* Stata tutorial: basic commands for descriptive statistics and linear regression
# delimit ;
* The command use opens our dataset ;
use "C:\Users\AutoLogon\Desktop\orange.dta",clear ;
* Pre-formatted descriptive statistics tables;
summarize;
codebook;
* In order to customize your table, use the command tabstat ;
tabstat rev inc qty,stat(mean, median, variance);
* Construction of graphs: line graphs, histograms and scatter diagrams;
* In order to construct line graphs, we need first to indicate the variable
that indexes time ("time variable");
tsset year;
graph twoway tsline qty;
graph twoway scatter inc qty;
graph twoway histogram inc, freq;
graph twoway histogram inc, freq bin(4);
* Correlation matrix;
correlate;
correlate inc rev;
* Covariance matrix;
correlate, cov;
* We can construct new variables by using the command generate;
generate p = rev/qty;
generate lnq = ln(qty);
generate lnp = ln(p);
generate lninc = ln(inc);
generate lncuradv = ln(curadv);
generate lnaveadv = ln(aveadv);
* Estimation of the demand equation by ordinary least squares;
regress lnq lnp lninc lncuradv lnaveadv;
* The p-value for the overall F-test allow us to reject the joint
hypothesis that our explanatory variables are not statistically
significant. The coefficient of adjustment (R2) is extremely high:
approximately 96% of the variation in orange sales is explained
by the variation of the explanatory variables included in the model.;
* From the regression coefficient tables, we see that all variables except
the log of previous yearsÂ´ advertising are significant at 1% significance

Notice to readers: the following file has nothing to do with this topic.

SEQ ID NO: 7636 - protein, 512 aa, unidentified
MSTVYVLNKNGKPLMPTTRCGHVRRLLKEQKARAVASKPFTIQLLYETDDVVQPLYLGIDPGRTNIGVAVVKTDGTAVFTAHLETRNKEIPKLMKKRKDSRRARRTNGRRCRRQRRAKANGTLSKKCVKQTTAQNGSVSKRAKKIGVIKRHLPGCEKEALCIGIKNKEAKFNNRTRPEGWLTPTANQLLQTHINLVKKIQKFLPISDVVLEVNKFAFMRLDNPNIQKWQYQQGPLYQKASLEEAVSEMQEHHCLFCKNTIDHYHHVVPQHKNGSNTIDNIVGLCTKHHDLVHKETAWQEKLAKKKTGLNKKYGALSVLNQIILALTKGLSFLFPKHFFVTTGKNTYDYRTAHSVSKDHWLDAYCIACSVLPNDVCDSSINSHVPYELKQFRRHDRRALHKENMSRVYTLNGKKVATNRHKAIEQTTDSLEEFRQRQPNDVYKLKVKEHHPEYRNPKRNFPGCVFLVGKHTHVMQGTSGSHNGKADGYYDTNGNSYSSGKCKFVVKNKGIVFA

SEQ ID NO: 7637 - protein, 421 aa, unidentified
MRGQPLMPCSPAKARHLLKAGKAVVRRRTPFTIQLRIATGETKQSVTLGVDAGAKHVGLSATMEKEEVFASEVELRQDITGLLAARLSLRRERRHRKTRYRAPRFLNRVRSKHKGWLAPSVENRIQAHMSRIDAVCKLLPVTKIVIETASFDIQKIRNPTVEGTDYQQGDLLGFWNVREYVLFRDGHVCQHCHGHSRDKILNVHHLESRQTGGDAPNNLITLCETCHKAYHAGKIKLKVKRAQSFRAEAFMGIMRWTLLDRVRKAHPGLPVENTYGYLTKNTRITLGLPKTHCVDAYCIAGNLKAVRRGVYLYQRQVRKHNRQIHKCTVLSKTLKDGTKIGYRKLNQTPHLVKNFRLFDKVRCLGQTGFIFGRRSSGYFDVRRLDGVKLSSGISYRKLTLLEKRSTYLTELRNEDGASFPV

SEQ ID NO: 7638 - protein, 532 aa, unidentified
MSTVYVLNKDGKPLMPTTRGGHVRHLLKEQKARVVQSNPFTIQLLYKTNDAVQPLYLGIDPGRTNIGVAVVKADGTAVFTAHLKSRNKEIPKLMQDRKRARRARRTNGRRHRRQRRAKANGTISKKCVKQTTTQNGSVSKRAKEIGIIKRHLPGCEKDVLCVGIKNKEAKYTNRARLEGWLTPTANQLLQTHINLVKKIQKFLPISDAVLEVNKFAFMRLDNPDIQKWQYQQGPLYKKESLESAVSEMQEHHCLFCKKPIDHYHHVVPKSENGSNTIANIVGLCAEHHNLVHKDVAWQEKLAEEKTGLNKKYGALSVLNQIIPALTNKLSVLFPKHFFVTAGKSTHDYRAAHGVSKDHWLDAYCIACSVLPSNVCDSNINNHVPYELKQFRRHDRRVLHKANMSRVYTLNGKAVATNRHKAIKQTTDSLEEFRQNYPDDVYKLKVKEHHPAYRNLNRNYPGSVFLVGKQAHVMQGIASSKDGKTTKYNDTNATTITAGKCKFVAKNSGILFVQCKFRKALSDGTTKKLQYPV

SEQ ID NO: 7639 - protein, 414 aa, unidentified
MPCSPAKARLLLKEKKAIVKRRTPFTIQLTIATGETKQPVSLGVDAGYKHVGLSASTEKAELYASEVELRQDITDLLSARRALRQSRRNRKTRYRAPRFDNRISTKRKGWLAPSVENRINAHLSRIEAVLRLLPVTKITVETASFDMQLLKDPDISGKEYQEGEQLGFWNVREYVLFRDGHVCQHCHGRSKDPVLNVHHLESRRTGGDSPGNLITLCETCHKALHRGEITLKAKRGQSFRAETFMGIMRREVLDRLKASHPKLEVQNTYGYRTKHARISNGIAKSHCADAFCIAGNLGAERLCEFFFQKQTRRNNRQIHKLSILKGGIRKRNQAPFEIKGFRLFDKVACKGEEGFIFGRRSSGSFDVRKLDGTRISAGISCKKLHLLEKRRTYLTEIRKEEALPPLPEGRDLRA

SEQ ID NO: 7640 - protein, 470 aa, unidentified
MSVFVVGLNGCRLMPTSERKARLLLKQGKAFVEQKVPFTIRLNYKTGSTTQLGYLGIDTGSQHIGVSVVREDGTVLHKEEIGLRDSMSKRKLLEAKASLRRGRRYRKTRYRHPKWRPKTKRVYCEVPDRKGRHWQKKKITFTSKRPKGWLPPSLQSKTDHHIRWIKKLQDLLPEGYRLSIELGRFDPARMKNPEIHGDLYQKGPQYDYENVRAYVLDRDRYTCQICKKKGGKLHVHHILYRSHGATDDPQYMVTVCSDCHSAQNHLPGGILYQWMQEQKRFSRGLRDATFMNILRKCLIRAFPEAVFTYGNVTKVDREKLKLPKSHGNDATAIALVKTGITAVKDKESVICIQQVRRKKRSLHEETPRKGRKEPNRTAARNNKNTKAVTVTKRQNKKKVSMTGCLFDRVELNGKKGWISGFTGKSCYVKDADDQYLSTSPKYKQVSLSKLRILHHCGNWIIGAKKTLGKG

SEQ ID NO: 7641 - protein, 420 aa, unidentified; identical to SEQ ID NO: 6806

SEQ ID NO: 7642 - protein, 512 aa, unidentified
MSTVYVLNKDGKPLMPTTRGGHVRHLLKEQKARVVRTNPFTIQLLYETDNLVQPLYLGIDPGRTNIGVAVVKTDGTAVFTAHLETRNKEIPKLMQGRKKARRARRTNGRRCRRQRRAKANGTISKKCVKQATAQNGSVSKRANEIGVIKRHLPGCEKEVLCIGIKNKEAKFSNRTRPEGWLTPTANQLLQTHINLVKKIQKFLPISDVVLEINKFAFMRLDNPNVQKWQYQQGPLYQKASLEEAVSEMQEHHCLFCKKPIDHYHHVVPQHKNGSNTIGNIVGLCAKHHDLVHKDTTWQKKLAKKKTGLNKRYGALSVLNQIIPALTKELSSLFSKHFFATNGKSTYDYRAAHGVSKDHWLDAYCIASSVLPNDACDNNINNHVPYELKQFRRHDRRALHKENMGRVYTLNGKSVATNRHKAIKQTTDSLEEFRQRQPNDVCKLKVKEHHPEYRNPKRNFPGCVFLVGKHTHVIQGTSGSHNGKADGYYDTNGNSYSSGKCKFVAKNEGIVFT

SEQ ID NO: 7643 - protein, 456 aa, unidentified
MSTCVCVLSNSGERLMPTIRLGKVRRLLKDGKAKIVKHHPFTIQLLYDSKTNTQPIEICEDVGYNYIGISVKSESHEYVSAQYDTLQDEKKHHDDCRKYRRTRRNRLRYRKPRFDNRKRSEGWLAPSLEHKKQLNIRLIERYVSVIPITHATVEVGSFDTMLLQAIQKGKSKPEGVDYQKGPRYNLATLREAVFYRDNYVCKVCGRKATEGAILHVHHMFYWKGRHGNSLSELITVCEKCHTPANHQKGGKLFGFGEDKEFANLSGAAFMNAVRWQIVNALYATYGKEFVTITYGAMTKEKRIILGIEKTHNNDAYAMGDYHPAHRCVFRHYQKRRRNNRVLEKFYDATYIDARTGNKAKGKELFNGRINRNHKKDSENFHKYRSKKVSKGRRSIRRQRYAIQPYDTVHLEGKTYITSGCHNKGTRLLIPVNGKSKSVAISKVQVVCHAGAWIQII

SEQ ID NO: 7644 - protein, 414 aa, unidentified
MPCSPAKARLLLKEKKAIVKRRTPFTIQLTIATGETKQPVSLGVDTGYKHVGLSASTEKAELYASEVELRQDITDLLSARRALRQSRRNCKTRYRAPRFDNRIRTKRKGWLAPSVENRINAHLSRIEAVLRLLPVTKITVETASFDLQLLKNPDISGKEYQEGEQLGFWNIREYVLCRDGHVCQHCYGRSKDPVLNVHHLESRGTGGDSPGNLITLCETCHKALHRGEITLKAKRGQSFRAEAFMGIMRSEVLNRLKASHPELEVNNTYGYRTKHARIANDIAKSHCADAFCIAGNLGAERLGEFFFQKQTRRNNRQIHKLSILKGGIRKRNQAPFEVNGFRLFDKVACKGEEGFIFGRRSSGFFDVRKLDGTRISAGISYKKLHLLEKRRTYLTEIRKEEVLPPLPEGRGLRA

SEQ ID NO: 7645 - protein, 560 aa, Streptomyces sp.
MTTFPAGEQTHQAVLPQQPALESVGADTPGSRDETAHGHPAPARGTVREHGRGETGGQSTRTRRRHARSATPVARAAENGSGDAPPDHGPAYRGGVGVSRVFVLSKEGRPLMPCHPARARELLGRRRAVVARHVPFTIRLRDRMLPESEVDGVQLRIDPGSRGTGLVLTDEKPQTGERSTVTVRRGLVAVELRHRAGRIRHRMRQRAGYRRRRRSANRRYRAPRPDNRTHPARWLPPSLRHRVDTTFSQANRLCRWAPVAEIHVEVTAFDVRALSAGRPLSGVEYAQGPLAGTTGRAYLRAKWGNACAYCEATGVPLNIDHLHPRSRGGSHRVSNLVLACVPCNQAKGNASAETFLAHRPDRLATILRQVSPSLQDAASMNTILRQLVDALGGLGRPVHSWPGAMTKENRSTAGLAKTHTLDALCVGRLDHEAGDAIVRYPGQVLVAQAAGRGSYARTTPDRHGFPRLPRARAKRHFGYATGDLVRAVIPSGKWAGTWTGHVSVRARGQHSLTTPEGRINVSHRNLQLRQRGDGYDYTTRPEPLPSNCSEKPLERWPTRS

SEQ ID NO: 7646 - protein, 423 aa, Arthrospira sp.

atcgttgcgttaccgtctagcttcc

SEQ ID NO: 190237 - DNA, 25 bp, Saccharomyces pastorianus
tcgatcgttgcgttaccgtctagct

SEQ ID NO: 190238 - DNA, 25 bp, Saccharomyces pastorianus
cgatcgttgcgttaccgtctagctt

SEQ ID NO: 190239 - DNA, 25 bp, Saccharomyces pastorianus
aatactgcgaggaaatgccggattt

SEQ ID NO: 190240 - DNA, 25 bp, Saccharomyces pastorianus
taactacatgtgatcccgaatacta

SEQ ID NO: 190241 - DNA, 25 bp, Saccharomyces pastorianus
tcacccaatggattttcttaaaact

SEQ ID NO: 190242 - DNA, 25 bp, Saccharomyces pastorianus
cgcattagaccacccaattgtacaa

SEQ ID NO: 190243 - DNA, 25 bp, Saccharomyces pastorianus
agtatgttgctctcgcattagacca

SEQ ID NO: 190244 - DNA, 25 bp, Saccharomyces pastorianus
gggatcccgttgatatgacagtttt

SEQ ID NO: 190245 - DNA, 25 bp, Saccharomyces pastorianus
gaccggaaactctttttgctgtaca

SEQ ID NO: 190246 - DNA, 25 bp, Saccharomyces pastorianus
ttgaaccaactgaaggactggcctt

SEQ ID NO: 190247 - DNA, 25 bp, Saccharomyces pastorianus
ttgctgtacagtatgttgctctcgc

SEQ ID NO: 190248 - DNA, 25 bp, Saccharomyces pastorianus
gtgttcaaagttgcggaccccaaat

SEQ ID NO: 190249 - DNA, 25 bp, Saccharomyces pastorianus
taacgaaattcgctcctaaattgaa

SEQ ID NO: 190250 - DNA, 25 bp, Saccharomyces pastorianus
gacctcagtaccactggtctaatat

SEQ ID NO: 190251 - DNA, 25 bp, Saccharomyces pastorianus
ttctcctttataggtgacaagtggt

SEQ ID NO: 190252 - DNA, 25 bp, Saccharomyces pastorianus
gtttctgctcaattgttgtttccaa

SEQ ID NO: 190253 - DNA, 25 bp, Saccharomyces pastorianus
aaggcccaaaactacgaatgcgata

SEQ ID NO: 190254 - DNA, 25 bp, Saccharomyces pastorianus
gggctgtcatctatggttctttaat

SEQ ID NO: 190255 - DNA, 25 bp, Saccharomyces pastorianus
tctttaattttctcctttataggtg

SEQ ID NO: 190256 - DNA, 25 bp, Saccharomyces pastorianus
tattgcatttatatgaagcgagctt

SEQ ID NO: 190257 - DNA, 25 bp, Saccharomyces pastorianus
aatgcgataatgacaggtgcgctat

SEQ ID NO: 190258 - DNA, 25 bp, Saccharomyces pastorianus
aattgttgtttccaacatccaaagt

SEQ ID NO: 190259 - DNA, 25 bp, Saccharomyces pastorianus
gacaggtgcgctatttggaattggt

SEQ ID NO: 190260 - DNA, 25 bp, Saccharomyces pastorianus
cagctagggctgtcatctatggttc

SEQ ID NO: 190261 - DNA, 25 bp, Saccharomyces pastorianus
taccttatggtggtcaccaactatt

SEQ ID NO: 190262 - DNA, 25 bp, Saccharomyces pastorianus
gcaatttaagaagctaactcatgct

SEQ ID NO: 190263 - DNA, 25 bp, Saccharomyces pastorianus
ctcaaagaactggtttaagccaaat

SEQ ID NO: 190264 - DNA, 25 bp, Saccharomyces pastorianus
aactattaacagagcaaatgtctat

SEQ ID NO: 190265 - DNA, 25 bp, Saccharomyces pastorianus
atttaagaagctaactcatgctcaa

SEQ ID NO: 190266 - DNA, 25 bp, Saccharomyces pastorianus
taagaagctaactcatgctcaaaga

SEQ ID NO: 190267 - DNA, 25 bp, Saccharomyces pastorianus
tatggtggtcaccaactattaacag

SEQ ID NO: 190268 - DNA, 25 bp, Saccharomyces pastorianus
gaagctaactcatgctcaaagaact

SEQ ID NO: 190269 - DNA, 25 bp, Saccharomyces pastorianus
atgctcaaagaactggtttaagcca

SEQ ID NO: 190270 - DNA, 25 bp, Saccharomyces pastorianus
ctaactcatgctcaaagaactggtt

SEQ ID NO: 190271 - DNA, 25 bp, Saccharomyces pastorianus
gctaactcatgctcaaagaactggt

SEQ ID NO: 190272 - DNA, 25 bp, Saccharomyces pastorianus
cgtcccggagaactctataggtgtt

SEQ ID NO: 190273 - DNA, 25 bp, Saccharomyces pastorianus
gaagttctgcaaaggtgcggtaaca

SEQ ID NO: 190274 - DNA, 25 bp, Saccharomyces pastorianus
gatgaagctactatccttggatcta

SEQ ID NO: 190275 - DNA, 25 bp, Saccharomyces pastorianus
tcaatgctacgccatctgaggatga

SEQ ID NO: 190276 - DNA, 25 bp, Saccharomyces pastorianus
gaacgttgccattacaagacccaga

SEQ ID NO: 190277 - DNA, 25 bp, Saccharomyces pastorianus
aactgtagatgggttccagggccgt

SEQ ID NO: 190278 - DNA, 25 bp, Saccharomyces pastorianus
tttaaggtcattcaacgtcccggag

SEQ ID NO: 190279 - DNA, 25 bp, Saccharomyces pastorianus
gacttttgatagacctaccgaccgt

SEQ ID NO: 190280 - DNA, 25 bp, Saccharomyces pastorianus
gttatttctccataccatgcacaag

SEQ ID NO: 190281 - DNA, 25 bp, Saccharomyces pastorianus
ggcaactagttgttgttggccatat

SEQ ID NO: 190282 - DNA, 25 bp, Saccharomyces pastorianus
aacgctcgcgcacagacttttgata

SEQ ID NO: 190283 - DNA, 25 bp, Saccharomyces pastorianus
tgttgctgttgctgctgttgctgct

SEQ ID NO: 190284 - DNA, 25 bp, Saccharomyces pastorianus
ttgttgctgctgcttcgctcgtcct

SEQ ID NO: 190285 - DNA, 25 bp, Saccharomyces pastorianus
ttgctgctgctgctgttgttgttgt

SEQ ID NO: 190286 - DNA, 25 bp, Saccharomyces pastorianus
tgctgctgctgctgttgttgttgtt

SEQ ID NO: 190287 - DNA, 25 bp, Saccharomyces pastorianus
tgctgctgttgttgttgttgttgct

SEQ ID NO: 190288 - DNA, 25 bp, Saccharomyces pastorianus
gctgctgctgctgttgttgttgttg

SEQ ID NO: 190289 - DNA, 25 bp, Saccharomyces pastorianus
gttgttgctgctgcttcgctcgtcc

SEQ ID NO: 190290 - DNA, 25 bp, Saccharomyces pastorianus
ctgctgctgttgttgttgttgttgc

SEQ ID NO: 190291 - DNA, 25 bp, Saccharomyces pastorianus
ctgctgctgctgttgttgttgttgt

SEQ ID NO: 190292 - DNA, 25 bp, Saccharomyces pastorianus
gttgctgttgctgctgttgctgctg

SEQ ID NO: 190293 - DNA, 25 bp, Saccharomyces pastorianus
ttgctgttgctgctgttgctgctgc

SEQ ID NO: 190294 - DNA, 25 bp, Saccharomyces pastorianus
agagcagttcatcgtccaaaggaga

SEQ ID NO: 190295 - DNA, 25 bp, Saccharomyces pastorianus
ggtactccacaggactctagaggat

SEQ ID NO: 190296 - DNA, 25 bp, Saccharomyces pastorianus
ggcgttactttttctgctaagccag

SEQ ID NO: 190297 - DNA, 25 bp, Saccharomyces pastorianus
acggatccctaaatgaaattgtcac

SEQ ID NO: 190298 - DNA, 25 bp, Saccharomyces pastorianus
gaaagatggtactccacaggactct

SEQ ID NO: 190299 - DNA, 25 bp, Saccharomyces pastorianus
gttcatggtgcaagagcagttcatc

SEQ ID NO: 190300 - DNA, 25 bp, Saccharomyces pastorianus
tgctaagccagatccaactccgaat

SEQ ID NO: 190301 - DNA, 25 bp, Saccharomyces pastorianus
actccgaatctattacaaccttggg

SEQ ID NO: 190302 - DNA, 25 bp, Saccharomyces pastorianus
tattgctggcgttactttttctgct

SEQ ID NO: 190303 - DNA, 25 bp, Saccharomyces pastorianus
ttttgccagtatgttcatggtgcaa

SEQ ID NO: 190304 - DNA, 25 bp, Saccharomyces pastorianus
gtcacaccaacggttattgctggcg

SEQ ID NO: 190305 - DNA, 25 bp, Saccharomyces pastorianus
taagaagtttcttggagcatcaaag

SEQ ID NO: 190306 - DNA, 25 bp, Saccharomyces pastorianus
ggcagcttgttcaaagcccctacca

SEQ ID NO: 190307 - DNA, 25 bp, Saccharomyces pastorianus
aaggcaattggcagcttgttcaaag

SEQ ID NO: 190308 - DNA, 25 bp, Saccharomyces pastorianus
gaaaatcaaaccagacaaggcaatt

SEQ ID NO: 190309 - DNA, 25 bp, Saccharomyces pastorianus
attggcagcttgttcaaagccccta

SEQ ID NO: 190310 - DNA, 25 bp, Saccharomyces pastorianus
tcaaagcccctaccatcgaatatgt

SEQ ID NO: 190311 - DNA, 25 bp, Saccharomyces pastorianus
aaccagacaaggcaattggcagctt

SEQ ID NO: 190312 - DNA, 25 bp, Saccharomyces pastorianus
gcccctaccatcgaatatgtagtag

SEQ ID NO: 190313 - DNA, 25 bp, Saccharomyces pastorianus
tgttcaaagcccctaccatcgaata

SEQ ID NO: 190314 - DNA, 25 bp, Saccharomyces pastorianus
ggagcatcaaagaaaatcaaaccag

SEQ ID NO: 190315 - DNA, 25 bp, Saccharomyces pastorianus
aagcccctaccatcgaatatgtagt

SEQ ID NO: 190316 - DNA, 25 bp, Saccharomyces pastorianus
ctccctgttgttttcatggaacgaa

level (since p-value is lower 0.01). The regression specification is in
log-log form, so we can interpret estimates in terms of elasticity: a 1%
increase in prices is associated to a 0,3% decrease in quantity sales,
a 1% increase in income is associated to a 0,78% increase in orange sales,
a 1% increase in advertising in the current year is associated to a 0,36%
increase in sales. On the other hand, there is no association between
advertising expenditures in previous years and current sales.;
* Stata OLS estimation options;
* Subsample estimation.
Suppose we want to exclude observations related to the First World War
period.;
regress lnq lnp lninc lncuradv lnaveadv if year <=1913 | year >=1919;
* Regression for the period 1920 - 1940;
regress lnq lnp lninc lncuradv lnaveadv if year>=1920 & year <=1940;
* Regression without constant;
regress lnq lnp lninc lncuradv lnaveadv, noconstant;
* OLS regression with robust standard errors (i.e., robust to heterocedasticity
problems);
regress lnq lnp lninc lncuradv lnaveadv, vce(robust);
* Regression diagnostics for outlier detection: "residual versus fitted value
graph";
rvfplot;
* We observe we have one observation with a residual higher than 0.3 (in absolute
value). This is an indication of a potential outlier in our database.;
* Hypothesis test for price-elasticity of demand equal to -1;
test lnp=1;
* We observe that the p-value for the test is much lower than 0.01. We
strongly reject the null hypothesis of unitary price elasticity.
(Note: to obtain the t-statistics, you could take the square root of the
F-value);